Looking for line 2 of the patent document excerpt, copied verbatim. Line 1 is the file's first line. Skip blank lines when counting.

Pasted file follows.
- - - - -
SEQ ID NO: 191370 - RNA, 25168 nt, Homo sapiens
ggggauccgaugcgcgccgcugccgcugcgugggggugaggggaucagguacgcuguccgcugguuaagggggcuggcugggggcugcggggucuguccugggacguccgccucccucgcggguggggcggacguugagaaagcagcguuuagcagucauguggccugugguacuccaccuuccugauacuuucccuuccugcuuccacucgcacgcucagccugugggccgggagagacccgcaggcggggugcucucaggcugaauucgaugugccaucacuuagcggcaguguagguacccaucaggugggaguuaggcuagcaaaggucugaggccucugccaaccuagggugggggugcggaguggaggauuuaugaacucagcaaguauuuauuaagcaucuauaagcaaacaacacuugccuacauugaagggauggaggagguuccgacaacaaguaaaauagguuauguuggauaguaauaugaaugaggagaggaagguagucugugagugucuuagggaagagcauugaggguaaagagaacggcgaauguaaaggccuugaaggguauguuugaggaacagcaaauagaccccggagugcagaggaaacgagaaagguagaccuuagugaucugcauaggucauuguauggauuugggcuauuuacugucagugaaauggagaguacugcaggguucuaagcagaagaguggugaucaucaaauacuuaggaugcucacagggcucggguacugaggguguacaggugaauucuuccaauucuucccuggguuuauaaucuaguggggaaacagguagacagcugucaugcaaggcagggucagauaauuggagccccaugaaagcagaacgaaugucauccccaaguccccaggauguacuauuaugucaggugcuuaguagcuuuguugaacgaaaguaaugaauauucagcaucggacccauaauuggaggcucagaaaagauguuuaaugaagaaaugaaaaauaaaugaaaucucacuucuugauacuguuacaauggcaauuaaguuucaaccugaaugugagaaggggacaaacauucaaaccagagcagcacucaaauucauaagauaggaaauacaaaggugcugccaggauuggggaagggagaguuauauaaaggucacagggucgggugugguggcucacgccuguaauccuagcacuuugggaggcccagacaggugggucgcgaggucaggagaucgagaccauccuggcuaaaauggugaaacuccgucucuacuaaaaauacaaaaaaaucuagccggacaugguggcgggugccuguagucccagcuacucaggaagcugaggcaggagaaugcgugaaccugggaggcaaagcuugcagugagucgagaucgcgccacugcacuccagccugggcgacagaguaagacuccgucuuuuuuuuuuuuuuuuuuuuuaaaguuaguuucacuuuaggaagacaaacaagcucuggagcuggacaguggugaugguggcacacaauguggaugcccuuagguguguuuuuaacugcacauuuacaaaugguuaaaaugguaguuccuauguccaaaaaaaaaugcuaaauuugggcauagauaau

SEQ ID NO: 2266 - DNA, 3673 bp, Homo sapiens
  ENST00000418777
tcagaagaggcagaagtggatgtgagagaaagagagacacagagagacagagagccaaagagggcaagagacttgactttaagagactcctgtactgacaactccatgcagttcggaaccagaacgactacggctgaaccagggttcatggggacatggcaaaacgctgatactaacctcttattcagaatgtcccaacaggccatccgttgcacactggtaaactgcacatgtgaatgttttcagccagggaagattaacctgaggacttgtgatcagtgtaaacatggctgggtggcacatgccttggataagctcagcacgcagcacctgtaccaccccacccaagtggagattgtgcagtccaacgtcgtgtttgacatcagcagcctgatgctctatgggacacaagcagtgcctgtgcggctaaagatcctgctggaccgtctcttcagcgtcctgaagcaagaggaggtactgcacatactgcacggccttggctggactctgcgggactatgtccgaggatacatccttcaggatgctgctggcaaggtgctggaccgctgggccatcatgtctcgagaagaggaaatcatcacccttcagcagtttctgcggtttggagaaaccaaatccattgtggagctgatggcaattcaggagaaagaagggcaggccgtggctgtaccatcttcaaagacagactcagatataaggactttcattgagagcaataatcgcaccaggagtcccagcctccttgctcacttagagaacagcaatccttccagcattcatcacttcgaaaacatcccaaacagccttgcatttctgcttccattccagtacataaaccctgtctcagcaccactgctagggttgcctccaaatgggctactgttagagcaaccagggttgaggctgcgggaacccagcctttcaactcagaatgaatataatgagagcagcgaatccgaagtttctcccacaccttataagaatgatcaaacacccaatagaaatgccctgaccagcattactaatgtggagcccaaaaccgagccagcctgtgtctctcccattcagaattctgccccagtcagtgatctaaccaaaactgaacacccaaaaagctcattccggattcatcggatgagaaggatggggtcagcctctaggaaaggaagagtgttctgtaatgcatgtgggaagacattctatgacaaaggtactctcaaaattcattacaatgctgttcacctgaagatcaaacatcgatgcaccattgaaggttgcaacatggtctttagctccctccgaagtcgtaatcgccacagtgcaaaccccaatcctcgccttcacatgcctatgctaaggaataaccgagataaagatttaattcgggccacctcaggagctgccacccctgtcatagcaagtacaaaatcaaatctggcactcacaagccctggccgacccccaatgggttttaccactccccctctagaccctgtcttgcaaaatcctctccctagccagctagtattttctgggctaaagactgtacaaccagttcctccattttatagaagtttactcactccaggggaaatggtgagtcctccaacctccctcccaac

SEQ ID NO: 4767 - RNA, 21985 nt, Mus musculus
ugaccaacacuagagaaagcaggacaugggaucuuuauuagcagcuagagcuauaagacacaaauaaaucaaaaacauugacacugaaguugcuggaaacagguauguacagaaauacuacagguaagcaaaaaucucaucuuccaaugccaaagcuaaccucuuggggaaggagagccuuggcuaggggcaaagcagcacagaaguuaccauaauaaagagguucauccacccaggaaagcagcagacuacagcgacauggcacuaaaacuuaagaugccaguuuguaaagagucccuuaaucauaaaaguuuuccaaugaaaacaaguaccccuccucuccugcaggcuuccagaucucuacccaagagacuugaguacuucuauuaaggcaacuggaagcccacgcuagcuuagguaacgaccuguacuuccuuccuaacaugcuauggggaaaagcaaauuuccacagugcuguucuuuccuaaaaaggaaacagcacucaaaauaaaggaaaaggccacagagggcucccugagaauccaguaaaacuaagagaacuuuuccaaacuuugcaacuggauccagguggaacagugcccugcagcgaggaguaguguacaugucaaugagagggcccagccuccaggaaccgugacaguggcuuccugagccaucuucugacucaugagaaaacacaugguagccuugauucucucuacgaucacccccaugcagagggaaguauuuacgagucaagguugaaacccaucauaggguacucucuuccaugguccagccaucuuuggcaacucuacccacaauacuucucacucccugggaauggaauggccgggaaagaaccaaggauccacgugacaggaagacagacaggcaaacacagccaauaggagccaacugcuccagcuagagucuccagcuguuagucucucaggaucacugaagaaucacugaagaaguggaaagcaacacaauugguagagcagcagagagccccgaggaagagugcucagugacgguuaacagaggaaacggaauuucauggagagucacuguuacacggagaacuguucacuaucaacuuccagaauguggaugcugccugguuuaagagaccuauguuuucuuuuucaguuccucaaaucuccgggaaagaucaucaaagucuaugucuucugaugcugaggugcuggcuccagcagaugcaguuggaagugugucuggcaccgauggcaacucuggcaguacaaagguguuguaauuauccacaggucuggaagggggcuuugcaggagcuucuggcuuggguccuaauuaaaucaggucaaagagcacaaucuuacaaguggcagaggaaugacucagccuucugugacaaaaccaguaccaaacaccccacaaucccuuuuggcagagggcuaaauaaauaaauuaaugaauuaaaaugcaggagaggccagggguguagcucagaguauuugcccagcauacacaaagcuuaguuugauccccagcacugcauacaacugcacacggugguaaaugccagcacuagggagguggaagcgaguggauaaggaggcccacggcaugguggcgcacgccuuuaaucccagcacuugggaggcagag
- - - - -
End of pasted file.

ggggauccgaugcgcgccgcugccgcugcgugggggugaggggaucagguacgcuguccgcugguuaagggggcuggcugggggcugcggggucuguccugggacguccgccucccucgcggguggggcggacguugagaaagcagcguuuagcagucauguggccugugguacuccaccuuccugauacuuucccuuccugcuuccacucgcacgcucagccugugggccgggagagacccgcaggcggggugcucucaggcugaauucgaugugccaucacuuagcggcaguguagguacccaucaggugggaguuaggcuagcaaaggucugaggccucugccaaccuagggugggggugcggaguggaggauuuaugaacucagcaaguauuuauuaagcaucuauaagcaaacaacacuugccuacauugaagggauggaggagguuccgacaacaaguaaaauagguuauguuggauaguaauaugaaugaggagaggaagguagucugugagugucuuagggaagagcauugaggguaaagagaacggcgaauguaaaggccuugaaggguauguuugaggaacagcaaauagaccccggagugcagaggaaacgagaaagguagaccuuagugaucugcauaggucauuguauggauuugggcuauuuacugucagugaaauggagaguacugcaggguucuaagcagaagaguggugaucaucaaauacuuaggaugcucacagggcucggguacugaggguguacaggugaauucuuccaauucuucccuggguuuauaaucuaguggggaaacagguagacagcugucaugcaaggcagggucagauaauuggagccccaugaaagcagaacgaaugucauccccaaguccccaggauguacuauuaugucaggugcuuaguagcuuuguugaacgaaaguaaugaauauucagcaucggacccauaauuggaggcucagaaaagauguuuaaugaagaaaugaaaaauaaaugaaaucucacuucuugauacuguuacaauggcaauuaaguuucaaccugaaugugagaaggggacaaacauucaaaccagagcagcacucaaauucauaagauaggaaauacaaaggugcugccaggauuggggaagggagaguuauauaaaggucacagggucgggugugguggcucacgccuguaauccuagcacuuugggaggcccagacaggugggucgcgaggucaggagaucgagaccauccuggcuaaaauggugaaacuccgucucuacuaaaaauacaaaaaaaucuagccggacaugguggcgggugccuguagucccagcuacucaggaagcugaggcaggagaaugcgugaaccugggaggcaaagcuugcagugagucgagaucgcgccacugcacuccagccugggcgacagaguaagacuccgucuuuuuuuuuuuuuuuuuuuuuaaaguuaguuucacuuuaggaagacaaacaagcucuggagcuggacaguggugaugguggcacacaauguggaugcccuuagguguguuuuuaacugcacauuuacaaaugguuaaaaugguaguuccuauguccaaaaaaaaaugcuaaauuugggcauagauaau